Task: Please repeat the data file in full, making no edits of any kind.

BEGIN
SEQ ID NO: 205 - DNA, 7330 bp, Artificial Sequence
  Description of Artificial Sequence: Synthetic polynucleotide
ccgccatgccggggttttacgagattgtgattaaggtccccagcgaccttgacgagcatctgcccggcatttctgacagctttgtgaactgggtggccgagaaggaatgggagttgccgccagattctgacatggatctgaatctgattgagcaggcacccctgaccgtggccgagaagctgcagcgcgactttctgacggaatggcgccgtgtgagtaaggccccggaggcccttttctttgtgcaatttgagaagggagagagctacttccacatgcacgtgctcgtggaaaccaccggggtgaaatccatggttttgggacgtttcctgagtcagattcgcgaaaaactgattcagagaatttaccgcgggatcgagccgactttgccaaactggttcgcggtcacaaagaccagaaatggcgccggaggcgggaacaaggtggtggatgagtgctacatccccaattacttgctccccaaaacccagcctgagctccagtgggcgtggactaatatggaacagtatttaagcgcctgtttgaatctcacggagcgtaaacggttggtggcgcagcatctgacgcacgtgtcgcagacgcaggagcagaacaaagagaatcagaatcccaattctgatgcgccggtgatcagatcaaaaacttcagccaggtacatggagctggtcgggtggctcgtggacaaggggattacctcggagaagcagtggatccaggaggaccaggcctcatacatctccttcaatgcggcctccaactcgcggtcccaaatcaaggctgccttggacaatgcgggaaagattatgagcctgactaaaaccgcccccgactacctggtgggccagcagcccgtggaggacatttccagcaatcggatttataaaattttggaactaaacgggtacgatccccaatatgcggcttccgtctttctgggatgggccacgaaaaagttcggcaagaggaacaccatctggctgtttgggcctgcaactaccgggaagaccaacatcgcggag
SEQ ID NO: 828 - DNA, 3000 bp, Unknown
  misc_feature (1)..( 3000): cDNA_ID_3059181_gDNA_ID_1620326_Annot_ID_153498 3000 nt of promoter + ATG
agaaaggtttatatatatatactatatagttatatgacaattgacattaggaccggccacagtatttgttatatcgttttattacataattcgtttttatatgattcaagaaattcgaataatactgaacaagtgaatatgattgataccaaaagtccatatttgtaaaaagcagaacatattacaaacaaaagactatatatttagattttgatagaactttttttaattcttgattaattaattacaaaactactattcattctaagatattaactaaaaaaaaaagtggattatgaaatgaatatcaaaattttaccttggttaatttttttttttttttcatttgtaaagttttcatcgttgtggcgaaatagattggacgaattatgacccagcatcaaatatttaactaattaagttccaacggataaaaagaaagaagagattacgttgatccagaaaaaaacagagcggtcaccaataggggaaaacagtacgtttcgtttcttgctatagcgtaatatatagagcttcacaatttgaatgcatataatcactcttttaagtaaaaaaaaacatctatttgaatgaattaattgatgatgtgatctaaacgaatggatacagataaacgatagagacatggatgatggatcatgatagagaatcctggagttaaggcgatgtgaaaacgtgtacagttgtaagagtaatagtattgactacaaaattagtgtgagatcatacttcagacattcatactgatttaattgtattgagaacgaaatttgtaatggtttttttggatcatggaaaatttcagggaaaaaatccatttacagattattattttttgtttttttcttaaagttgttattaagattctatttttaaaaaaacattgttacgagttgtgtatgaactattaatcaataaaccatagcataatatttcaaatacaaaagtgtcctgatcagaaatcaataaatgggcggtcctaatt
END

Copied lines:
SEQ ID NO: 205 - DNA, 7330 bp, Artificial Sequence
  Description of Artificial Sequence: Synthetic polynucleotide
ccgccatgccggggttttacgagattgtgattaaggtccccagcgaccttgacgagcatctgcccggcatttctgacagctttgtgaactgggtggccgagaaggaatgggagttgccgccagattctgacatggatctgaatctgattgagcaggcacccctgaccgtggccgagaagctgcagcgcgactttctgacggaatggcgccgtgtgagtaaggccccggaggcccttttctttgtgcaatttgagaagggagagagctacttccacatgcacgtgctcgtggaaaccaccggggtgaaatccatggttttgggacgtttcctgagtcagattcgcgaaaaactgattcagagaatttaccgcgggatcgagccgactttgccaaactggttcgcggtcacaaagaccagaaatggcgccggaggcgggaacaaggtggtggatgagtgctacatccccaattacttgctccccaaaacccagcctgagctccagtgggcgtggactaatatggaacagtatttaagcgcctgtttgaatctcacggagcgtaaacggttggtggcgcagcatctgacgcacgtgtcgcagacgcaggagcagaacaaagagaatcagaatcccaattctgatgcgccggtgatcagatcaaaaacttcagccaggtacatggagctggtcgggtggctcgtggacaaggggattacctcggagaagcagtggatccaggaggaccaggcctcatacatctccttcaatgcggcctccaactcgcggtcccaaatcaaggctgccttggacaatgcgggaaagattatgagcctgactaaaaccgcccccgactacctggtgggccagcagcccgtggaggacatttccagcaatcggatttataaaattttggaactaaacgggtacgatccccaatatgcggcttccgtctttctgggatgggccacgaaaaagttcggcaagaggaacaccatctggctgtttgggcctgcaactaccgggaagaccaacatcgcggag
SEQ ID NO: 828 - DNA, 3000 bp, Unknown
  misc_feature (1)..( 3000): cDNA_ID_3059181_gDNA_ID_1620326_Annot_ID_153498 3000 nt of promoter + ATG
agaaaggtttatatatatatactatatagttatatgacaattgacattaggaccggccacagtatttgttatatcgttttattacataattcgtttttatatgattcaagaaattcgaataatactgaacaagtgaatatgattgataccaaaagtccatatttgtaaaaagcagaacatattacaaacaaaagactatatatttagattttgatagaactttttttaattcttgattaattaattacaaaactactattcattctaagatattaactaaaaaaaaaagtggattatgaaatgaatatcaaaattttaccttggttaatttttttttttttttcatttgtaaagttttcatcgttgtggcgaaatagattggacgaattatgacccagcatcaaatatttaactaattaagttccaacggataaaaagaaagaagagattacgttgatccagaaaaaaacagagcggtcaccaataggggaaaacagtacgtttcgtttcttgctatagcgtaatatatagagcttcacaatttgaatgcatataatcactcttttaagtaaaaaaaaacatctatttgaatgaattaattgatgatgtgatctaaacgaatggatacagataaacgatagagacatggatgatggatcatgatagagaatcctggagttaaggcgatgtgaaaacgtgtacagttgtaagagtaatagtattgactacaaaattagtgtgagatcatacttcagacattcatactgatttaattgtattgagaacgaaatttgtaatggtttttttggatcatggaaaatttcagggaaaaaatccatttacagattattattttttgtttttttcttaaagttgttattaagattctatttttaaaaaaacattgttacgagttgtgtatgaactattaatcaataaaccatagcataatatttcaaatacaaaagtgtcctgatcagaaatcaataaatgggcggtcctaatt